Anyone connected with adoption knows that transitions tend to unsettle adoptees. Some posit that it echoes the primal loss of their being separated from their birth families. Regardless of how they connect to this profound loss, transitions do operate as trigger points for many (most) adoptees. Transitions tend to trigger uncertainty which in turn connects to fear, insecurity and, a sense of amorphic threat or danger. As Intentional parents, we work to be mindful of this hot-button and we use strategies to help our kiddos cope. Let's face it, nobody enjoys a meltdown—not even the kids. These emotional events leave everyone shaken by the intensity and depth of the feelings which undergird them.
They also tend to trigger visceral responses within us. A combination of irritation, frustration, overwhelm, helplessness, impotence, confusion and, even fear all vibrate—in a symphony of dissonance that leaves all feeling spent. What are some steps that help families to move forward? Attunement offers one excellent path.
Acknowledge: Keep it neutral! Resist the temptation to match their drama with our own responses. Stay factual. I can see you've got big feelings about this.
Witness: Move beyond the act of observing and choose to give witness. Just like in a courtroom, our words offer a perspective—ours—which informs how others understand the situation. Our testimony gives kids the language to express, describe and, capture their experience. Once kids have words to express their feelings and needs, they can begin to step off the hamster wheel of what Daniel Goleman calls an "emotional hijacking."
Language helps them label their thoughts, feelings and, needs. Words offer us a way to express their inner turmoil. This provides us some sense of being able to manage the "overwhelm". What happens when there are no words?
Think about it. When adopted as infants and toddlers, children have not yet mastered language. This means the trauma which adoptees experienced by being separated from their birth mothers is held as pre-verbal memory. This means it is not encoded in words. They experience the memory as a feeling without a script. Although "non-verbal," the memory holds a deeply entrenched, consuming sense of danger, fear and, abandonment on a sensate, cellular level. Without words to recapture and revisit the memory, it is experienced as unbounded, ongoing and unending. And, because it lacks a perceived beginning or end, these undefined, unlimited feelings are easily triggered throughout life.
They need us to provide tools to cope. A broad "emotional vocabulary" empowers them to transform the misperception that stressors are infinite, unlimited and permanent. Language imposes some boundaries. It provides them a way to package it so they can examine, assess and manage it.
Affirm: Adult adoptees frequently report that some of their most painful memories center around feeling invalidated and invisible. This happens when their feelings and concerns are dismissed, trivialized or ignored. Many report that they received powerful messages—either overtly or subtly—that adoption conversation could include only positives; that they were expected to choose undivided loyalty to the adoptive family and never refer to, or seek information about their birth families; that they needed to sublimate their natural talents and inclinations and follow the traditional patterns of the adoptive family; that discussing adoption distressed their parents. They chose to sacrifice themselves and learned to ignore their need for support in order to protect their adoptive parents.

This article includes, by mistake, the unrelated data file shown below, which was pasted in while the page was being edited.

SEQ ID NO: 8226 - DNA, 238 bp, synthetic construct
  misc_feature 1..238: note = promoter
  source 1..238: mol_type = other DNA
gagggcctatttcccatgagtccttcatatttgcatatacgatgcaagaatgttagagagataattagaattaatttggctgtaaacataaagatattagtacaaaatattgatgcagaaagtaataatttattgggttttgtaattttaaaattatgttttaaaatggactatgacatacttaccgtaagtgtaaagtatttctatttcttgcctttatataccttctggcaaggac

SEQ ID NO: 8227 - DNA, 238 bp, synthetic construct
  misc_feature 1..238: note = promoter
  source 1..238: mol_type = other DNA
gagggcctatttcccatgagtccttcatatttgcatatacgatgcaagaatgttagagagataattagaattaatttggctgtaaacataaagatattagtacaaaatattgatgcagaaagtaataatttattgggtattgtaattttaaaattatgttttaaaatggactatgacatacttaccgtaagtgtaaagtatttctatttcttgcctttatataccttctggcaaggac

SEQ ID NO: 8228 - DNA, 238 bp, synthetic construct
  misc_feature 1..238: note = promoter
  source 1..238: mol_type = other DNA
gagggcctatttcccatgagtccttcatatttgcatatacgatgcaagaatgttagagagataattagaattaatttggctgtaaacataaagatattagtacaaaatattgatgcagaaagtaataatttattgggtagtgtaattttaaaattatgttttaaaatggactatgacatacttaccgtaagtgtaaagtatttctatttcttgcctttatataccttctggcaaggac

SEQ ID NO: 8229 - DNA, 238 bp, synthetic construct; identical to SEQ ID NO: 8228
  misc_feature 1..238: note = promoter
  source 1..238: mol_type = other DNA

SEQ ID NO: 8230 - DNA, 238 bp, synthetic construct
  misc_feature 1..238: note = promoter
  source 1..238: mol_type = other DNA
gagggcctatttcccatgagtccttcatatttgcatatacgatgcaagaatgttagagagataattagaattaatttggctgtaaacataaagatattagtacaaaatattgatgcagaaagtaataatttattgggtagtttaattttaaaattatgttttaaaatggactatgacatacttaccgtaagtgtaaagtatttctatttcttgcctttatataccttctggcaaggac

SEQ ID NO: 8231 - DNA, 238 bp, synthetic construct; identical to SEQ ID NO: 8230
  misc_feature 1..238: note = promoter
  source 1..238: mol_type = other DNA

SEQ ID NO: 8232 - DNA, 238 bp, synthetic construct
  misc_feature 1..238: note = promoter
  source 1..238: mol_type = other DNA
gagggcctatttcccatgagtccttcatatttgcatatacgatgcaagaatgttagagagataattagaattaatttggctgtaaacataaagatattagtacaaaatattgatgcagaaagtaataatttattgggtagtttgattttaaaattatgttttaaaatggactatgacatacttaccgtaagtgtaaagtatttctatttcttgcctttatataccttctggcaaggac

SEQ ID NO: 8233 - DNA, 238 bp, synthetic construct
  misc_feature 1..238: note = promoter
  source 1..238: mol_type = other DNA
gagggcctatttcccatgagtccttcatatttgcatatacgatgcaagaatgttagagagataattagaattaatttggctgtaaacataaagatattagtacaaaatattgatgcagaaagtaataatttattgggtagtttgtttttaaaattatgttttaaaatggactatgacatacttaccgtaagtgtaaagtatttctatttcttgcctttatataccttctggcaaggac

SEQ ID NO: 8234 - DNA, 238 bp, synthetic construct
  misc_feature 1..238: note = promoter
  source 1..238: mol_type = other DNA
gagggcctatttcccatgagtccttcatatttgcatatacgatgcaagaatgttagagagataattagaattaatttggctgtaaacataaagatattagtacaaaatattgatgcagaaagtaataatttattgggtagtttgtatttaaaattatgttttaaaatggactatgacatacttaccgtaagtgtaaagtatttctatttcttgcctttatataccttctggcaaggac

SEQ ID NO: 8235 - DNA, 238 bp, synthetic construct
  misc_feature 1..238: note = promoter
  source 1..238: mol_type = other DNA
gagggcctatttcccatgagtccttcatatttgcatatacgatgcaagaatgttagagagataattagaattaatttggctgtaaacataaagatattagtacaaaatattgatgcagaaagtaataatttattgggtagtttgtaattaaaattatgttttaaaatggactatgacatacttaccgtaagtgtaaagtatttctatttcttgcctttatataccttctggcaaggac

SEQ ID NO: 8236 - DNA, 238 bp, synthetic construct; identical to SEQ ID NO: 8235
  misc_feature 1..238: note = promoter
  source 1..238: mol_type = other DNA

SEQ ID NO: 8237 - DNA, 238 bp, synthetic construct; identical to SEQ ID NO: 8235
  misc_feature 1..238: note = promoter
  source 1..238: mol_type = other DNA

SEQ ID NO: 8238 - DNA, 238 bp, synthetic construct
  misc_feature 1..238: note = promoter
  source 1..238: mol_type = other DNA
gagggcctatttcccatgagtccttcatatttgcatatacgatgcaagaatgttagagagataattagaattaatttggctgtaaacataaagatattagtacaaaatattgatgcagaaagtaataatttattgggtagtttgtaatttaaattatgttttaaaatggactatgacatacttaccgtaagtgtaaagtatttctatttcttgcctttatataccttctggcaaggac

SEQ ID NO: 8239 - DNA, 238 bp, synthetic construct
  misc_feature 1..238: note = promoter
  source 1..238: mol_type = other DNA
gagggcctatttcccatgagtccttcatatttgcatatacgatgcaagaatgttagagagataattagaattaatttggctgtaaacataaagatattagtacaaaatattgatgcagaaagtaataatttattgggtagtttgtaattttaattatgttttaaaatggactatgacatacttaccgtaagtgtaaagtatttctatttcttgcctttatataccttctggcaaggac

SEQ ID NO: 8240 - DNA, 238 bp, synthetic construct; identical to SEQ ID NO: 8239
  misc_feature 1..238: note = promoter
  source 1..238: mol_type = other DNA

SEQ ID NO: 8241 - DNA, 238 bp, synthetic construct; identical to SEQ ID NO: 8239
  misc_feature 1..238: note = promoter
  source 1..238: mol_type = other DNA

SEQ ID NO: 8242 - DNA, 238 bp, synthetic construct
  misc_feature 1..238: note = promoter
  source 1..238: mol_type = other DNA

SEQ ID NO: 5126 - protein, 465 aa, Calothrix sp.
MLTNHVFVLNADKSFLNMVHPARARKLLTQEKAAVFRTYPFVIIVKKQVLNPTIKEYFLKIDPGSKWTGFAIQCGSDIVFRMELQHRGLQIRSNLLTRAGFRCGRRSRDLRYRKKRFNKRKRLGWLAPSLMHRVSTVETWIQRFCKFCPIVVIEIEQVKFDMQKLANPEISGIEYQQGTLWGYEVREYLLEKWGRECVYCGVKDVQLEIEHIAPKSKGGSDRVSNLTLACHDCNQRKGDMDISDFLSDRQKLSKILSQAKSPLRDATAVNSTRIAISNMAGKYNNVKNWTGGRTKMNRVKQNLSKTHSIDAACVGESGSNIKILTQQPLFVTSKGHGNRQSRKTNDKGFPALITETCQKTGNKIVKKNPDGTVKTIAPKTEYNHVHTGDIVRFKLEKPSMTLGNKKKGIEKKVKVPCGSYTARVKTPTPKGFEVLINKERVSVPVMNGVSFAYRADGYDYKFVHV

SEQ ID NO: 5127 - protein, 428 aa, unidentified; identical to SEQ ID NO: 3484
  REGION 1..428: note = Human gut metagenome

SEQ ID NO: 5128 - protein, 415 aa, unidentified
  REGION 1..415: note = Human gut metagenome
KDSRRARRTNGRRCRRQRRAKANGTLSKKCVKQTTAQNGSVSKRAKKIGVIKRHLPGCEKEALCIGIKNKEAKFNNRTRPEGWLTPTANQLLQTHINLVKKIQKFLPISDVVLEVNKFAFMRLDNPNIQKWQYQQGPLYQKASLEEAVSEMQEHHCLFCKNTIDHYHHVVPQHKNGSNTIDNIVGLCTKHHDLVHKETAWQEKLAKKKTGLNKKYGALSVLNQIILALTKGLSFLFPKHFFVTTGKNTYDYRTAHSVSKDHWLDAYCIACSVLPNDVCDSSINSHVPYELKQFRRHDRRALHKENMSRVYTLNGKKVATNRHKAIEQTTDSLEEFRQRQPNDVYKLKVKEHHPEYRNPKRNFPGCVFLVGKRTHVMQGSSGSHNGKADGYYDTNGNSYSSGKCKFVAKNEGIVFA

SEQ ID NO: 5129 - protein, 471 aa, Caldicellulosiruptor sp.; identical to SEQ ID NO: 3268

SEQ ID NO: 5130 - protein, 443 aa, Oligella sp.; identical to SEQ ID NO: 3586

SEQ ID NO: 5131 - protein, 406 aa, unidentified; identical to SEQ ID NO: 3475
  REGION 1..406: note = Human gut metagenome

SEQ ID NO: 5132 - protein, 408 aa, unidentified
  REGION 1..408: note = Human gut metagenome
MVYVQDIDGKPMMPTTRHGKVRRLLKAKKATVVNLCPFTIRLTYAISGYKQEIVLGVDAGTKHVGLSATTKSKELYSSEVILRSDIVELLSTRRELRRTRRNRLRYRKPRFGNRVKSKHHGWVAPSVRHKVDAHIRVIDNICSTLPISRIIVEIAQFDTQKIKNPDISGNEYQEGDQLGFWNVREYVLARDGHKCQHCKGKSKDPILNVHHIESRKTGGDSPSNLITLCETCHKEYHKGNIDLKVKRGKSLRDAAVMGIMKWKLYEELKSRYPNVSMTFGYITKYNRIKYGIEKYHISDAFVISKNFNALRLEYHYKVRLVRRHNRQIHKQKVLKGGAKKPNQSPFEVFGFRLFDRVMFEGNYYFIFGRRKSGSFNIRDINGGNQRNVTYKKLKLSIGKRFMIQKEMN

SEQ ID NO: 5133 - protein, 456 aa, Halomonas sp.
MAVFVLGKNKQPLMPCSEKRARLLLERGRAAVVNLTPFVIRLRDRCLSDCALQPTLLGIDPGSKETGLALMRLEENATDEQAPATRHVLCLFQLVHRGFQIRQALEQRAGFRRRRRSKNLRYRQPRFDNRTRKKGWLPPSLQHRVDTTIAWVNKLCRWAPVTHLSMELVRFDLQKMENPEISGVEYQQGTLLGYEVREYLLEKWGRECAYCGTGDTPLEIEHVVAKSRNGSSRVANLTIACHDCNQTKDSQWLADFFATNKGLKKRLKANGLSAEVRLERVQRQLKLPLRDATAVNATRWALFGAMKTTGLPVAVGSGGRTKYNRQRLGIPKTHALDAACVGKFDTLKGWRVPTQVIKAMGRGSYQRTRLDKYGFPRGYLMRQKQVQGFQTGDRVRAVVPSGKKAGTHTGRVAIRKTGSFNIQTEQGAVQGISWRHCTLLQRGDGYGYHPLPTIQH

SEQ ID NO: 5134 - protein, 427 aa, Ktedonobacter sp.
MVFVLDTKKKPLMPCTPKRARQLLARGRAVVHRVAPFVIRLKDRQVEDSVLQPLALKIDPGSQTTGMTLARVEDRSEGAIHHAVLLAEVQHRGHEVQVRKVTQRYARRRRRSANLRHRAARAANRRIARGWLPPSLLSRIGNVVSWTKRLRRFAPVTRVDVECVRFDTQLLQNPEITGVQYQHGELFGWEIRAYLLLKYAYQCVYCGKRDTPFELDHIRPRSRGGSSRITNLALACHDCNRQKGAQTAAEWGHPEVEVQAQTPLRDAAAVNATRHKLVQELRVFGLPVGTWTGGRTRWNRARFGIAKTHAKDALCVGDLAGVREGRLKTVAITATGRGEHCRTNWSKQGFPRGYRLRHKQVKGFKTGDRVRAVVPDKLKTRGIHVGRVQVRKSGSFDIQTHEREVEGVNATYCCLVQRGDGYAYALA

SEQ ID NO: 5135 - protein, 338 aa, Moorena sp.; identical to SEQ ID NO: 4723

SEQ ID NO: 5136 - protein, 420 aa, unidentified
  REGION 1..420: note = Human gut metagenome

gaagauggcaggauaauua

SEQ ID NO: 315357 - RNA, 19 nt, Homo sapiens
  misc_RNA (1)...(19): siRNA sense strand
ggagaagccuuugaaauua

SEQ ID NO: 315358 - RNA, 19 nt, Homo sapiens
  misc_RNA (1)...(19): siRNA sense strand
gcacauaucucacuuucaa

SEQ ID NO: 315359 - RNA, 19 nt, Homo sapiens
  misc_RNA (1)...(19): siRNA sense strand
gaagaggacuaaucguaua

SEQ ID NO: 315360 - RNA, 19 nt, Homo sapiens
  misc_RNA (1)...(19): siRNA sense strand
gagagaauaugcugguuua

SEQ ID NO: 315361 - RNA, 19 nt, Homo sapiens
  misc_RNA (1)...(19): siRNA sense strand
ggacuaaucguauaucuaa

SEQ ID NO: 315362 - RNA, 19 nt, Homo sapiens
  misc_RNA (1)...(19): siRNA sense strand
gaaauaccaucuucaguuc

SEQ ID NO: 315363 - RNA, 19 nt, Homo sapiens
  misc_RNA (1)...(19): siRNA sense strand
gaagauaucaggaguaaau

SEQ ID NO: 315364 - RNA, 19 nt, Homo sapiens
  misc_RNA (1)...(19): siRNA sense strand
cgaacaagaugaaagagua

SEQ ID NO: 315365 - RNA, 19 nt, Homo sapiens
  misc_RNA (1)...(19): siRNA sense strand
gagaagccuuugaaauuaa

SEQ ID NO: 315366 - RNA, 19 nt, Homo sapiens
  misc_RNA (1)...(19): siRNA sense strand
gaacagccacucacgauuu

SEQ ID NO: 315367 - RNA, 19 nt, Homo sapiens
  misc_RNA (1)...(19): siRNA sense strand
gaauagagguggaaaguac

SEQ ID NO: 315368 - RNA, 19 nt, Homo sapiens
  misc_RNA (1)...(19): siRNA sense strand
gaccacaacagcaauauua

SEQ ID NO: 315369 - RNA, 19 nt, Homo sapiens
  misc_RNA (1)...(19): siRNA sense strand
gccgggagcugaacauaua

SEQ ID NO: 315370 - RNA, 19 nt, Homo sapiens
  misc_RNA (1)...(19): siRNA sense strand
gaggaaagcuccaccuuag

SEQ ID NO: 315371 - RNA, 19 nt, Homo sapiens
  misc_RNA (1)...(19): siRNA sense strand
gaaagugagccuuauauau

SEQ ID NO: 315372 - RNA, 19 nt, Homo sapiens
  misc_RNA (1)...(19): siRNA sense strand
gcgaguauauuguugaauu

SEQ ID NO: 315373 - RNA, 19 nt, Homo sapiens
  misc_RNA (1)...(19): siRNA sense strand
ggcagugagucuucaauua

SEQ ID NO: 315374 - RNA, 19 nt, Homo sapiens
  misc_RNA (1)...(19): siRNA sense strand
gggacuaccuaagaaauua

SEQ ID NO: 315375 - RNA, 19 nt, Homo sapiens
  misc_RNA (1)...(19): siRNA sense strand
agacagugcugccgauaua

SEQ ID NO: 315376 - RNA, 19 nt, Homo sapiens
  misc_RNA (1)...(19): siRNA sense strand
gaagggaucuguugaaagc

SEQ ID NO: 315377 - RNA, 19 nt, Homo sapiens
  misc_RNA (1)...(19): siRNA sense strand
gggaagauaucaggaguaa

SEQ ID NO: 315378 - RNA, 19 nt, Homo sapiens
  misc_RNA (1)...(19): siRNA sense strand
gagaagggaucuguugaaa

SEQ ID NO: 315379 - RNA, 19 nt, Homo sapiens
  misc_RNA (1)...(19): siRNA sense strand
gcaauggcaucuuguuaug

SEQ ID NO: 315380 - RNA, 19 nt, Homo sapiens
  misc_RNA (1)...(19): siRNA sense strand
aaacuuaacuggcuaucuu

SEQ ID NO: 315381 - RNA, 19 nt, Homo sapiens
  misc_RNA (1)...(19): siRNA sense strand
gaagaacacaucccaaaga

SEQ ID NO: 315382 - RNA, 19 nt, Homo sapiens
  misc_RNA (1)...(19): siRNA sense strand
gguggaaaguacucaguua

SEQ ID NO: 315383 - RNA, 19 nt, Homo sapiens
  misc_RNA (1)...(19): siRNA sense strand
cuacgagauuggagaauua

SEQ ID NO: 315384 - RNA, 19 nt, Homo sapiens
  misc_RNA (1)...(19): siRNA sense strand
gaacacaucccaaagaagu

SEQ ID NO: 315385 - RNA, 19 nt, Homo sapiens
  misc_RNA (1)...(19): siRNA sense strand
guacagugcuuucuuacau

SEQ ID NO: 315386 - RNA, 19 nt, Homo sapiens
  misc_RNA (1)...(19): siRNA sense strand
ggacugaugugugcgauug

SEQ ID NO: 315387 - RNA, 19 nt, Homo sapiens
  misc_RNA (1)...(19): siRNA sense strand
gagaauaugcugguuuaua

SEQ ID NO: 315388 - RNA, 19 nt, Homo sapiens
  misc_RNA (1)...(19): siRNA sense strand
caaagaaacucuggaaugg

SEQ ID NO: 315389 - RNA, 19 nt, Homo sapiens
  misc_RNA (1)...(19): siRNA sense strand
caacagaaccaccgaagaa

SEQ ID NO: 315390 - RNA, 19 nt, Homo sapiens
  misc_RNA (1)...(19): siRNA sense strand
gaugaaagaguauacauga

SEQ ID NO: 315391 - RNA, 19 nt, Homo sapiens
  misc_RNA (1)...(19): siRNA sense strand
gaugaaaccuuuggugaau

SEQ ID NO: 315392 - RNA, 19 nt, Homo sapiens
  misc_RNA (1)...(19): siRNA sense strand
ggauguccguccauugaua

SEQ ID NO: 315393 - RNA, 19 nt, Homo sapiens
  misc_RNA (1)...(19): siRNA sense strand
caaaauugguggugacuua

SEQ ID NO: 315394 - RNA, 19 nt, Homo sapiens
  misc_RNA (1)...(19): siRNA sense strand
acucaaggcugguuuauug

Intentional parents have the opportunity to choose a healthier and more honest approach.
Affirm the realities of adoption. Welcome discussions—even painful ones—especially the painful ones. The absence of an open forum forces children to wrestle with these issues alone and without the support they need to process them. Embrace a Both/And paradigm that makes space for adoptive and birth family; Don't make them choose one over the other. They need both.
Set boundaries: One thing parents fear is that if they try to "connect before correct" kids will grab the upper hand and the family will devolve into chaos. In reality, if we try to yell, persuade or punish a child who is in the stranglehold of an emotional hijacking, we engage in a lose/lose situation.
Overwhelming emotions blunt the brain's ability to think, limit the body's ability to regain control and, completely focuses on a fear/flight/freeze response. Until those emotions subside, until the child feels safe, they are unable to think logically and rein in their behavior.
So yes, connect. Connect so you can correct but delay the educating part of correcting until calm has been restored. Then correct. Reiterate the boundaries. Rehearse the better choices.
Clarify that it is the behavior that falls short, not the child. Nurture a sense of hope, capability, possibility and, love for your child.
For more on the concept of Emotional Intelligence and emotional hijackings read Daniel Goleman's seminal work, Emotional Intelligence. At GIFT, we move beyond the common idea that intelligence equates with Intellectual capability as measured by a high IQ and consider the concept of multiple intelligences. In addition to Intellectual Intelligence (IQ), we embrace Daniel Goleman's Emotional Intelligence, (EQ,) and it led us to develop the idea of Adoption-attunement™--our theory of Adoption Intelligence (AQ.)
Sally: 612-203-6530 | Susan: 541-788-8001 | Joann: 312-576-5755 | Gayle: 772-285-9607